In today's Gospel, our dear Lord invites us to join Him on a journey, a journey which will end at the foot of His cross. This is an invitation to join Him once again for the forty day pilgrimage which we make together in His church in the holy season of Lent. As the Twelve “understood none of these things,” we might not understand the purpose or value of any special Lenten observance. When Lenten rules are outlined each Quinquagesima Sunday, for many of us “this saying was hid from them, neither knew they the things which were spoken.”
We find ourselves in today's Gospel as the blind man. His physical blindness echoes the spiritual blindness of the Twelve. He came to Jesus begging for a miracle: “And he said, Lord, that I may receive my sight.” Remember that Baptism, which in ancient times was the climax and conclusion of Lent, is presented in the NT and in the Church Fathers as an “enlightenment,” the gift of spiritual sight. Lent can be for us, if we use it holy season properly, a rescue and healing from spiritual blindness.
Here are some specific suggestions for things to do in Lent.
Be in church for every service, Wednesday and Friday.
Observe all Wednesdays and Fridays as days of abstinence (in plain language, keep all meals meatless those two days.)
Remember that Lent is no time for parties, concerts, movie-going, unnecessary restaurant meals and the like.
Make an extra effort to be diligent in private prayer, Bible reading, and cultivation of a deeper spiritual life.
Special almsgiving and works of corporal mercy. Like Advent,
Lent is a fine time for a parish food drive.
Lent is not, emphatically not, a “religious emphasis season” when we do things we can leave behind at the end of Holy Week. It is always sad to see the drop in attendance which seems inevitable after Easter Day. Lent is a time to develop new habits of spiritual discipline. It is a time to learn the value of keeping every Friday of the year (save those in Christmastide) meatless, as a weekly memorial of our Lord's death. The habits of Bible reading and keeping a personal prayer life should take root in our lives for the remainder of the year.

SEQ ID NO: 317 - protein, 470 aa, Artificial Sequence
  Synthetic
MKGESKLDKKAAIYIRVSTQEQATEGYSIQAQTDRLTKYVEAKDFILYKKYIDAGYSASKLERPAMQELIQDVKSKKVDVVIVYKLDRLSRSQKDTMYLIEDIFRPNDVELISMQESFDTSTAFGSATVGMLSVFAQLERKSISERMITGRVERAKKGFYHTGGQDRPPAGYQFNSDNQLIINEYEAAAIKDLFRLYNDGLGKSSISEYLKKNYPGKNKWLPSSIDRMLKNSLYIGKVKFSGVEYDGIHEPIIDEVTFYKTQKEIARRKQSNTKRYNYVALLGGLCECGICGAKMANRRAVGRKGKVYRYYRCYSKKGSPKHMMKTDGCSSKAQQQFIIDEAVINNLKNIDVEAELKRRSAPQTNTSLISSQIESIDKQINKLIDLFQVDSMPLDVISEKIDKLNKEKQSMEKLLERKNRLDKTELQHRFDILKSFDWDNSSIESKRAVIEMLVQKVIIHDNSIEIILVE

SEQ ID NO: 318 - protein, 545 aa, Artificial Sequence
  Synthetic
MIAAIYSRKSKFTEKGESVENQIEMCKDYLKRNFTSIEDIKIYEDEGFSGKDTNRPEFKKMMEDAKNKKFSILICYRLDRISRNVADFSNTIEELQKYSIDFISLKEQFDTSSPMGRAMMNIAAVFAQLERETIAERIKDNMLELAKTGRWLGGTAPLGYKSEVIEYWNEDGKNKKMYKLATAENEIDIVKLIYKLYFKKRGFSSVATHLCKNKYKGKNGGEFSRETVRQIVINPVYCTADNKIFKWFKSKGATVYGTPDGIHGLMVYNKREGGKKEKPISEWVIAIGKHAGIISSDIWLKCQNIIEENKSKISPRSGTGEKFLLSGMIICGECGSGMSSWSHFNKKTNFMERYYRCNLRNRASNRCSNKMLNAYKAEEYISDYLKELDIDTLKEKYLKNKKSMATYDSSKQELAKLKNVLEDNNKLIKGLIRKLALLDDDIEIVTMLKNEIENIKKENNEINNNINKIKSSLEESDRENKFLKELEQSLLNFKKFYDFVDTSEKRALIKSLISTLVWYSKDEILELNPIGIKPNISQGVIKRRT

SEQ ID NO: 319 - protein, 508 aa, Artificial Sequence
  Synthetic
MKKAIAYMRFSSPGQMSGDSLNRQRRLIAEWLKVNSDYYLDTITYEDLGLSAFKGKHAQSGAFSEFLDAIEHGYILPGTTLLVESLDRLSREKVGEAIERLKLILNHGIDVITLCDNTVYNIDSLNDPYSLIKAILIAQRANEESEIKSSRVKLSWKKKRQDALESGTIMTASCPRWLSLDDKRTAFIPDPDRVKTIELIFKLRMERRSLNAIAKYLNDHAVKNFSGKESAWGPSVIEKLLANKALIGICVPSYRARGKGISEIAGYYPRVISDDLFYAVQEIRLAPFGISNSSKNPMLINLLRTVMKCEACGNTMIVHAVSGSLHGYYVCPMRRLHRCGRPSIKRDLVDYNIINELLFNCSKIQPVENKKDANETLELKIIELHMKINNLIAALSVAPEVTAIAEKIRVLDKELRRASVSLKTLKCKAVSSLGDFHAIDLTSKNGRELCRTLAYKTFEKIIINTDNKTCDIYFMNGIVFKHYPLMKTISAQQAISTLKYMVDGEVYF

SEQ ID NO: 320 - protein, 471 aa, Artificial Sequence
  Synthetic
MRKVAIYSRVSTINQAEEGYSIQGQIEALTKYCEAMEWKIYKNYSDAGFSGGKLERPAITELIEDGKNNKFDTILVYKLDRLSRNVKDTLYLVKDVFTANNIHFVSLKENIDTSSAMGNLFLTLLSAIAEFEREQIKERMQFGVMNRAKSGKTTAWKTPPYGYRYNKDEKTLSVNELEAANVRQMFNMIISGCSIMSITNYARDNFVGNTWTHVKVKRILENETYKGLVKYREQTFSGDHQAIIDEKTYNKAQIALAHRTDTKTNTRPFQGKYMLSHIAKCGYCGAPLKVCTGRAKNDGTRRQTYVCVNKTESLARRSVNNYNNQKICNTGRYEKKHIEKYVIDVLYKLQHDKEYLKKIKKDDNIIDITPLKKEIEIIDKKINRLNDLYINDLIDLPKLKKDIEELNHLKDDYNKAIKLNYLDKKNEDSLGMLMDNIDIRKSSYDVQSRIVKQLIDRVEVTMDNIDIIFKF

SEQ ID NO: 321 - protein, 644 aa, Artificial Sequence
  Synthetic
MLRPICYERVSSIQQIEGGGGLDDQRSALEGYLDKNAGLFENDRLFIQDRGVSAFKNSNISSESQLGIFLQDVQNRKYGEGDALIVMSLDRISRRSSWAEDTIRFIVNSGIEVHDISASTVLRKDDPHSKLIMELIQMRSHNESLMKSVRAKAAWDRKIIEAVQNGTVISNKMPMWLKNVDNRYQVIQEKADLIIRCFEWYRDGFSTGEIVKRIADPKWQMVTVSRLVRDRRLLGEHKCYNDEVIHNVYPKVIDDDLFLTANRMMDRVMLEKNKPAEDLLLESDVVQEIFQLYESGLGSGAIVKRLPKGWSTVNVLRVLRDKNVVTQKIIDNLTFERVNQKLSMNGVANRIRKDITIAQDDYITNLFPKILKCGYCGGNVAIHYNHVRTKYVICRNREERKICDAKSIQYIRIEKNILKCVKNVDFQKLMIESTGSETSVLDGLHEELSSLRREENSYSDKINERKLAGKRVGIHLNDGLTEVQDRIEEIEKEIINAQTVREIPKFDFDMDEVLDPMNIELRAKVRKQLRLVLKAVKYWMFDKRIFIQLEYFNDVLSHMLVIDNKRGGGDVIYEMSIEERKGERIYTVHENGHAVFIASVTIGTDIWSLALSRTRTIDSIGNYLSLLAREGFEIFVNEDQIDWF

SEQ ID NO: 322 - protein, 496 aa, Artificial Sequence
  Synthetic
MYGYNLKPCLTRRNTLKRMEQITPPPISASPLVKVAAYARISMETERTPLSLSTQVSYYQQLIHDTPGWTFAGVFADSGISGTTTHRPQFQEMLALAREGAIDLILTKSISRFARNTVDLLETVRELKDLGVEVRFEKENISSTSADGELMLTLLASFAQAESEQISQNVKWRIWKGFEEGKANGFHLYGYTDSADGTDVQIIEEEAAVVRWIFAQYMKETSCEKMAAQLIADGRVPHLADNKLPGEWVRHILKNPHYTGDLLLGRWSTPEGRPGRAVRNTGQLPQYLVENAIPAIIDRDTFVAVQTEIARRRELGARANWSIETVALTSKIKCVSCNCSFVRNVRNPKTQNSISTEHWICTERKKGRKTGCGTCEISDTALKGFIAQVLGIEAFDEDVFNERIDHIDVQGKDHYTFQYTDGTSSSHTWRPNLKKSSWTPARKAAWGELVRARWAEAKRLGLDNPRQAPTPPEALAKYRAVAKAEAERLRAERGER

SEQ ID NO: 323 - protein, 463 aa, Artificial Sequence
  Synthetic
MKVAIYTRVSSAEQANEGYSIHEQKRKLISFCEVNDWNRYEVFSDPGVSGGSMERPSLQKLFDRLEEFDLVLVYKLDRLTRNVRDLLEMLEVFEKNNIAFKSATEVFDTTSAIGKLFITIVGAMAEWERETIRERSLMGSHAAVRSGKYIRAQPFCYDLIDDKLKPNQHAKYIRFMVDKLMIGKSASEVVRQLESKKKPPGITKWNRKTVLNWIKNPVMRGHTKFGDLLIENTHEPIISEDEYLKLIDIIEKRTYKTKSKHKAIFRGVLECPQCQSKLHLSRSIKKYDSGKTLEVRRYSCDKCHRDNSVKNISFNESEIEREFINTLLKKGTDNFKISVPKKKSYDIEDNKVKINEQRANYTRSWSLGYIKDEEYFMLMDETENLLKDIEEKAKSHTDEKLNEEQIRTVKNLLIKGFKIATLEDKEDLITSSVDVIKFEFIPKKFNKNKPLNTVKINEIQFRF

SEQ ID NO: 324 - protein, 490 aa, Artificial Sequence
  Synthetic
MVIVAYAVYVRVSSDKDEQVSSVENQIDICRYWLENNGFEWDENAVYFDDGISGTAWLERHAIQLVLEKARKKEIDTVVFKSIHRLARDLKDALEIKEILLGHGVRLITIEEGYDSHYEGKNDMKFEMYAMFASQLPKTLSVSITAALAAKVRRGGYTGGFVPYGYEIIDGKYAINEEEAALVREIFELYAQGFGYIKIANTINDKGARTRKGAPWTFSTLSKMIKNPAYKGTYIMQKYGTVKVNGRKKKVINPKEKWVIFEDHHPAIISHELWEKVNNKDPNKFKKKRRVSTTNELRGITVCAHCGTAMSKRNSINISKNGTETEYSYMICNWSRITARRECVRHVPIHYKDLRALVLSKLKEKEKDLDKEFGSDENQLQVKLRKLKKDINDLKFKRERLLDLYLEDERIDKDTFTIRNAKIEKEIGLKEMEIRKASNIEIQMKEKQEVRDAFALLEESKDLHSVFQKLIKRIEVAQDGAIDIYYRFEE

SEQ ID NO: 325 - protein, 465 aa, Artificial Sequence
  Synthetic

In our own spiritual poverty and blindness, we must come before Crucified and Risen Saviour and cry out, “Thou Son of David, have mercy upon me.” In keeping a good and holy Lent, we also may receive our sight. That's what He wants for each of us. LKW
In our study of today's Epistle, we have been re-reading a fine little book by D. A. Carson with an unusual title: The Difficult Doctrine of the Love of God. The author points out the necessity for calling the love of God a “difficult” topic. Had he written “the difficult doctrine of the Trinity,” or “the difficult doctrine of predestination,” it would have caused no surprise, since everyone agrees those are challenging or controversial topics. But what is “difficult” about the love of God? Everyone assumes that God's love is an easy and self-explanatory matter.
Today's Epistle is St. Paul's great hymn on charity, an unusual poetic outburst on his part. Practically every modern translation replaces the grand old King James Version's word “charity” with the modern word “love.” While the term “charity” has its drawbacks, the word “love” has been so debased that it is almost misleading.
Whereas our English word “love” is used for a wide variety of things, ranging from God's mercy toward sinners to a child's delight in ice-cream, the language of the New Testament had a fairly large number of words for love. It is remarkable that the NT writers did not use any of the words familiar to their readers. They went out of their way to find an unusual word. This is the word agape, pronounced ah-gah-pay.
Agape refers to the unparalleled, unequaled, undeserved and unexpected love which God has for sinners. This is the word which the King James Version translates as “charity” in I Corinthians 13. In spite of our efforts to tame this word through slobbering sentimentality, it remains a unique kind of love, love like the world had never seen, love made visible in the cross of Jesus.
As we begin once again our annual journey “up to Jerusalem” to be with Jesus on Good Friday and Easter Day, today's Epistle reminds us that the whole purpose of keeping Lent is our personal renewal and increase in “faith hope, and charity, and the greatest of these is charity.” Lent, with its discipline and self-denial, should teach us that the charity of God is to be shown forth in the “love and charity with your neighbours” of “all who profess and call themselves Christians.”
The Christian life has no place for spitefulness, mean-spiritedness, unkindness, especially toward those who have wronged us. As we read I Corinthians 13, we see Paul's portrait of Jesus (“charity suffereth long, and is kind...”), the world's first truly charitable Man. But Paul's point, and the point of Lent, is that charity is the greatest of virtues, which we must implore God to pour into our hearts. LKW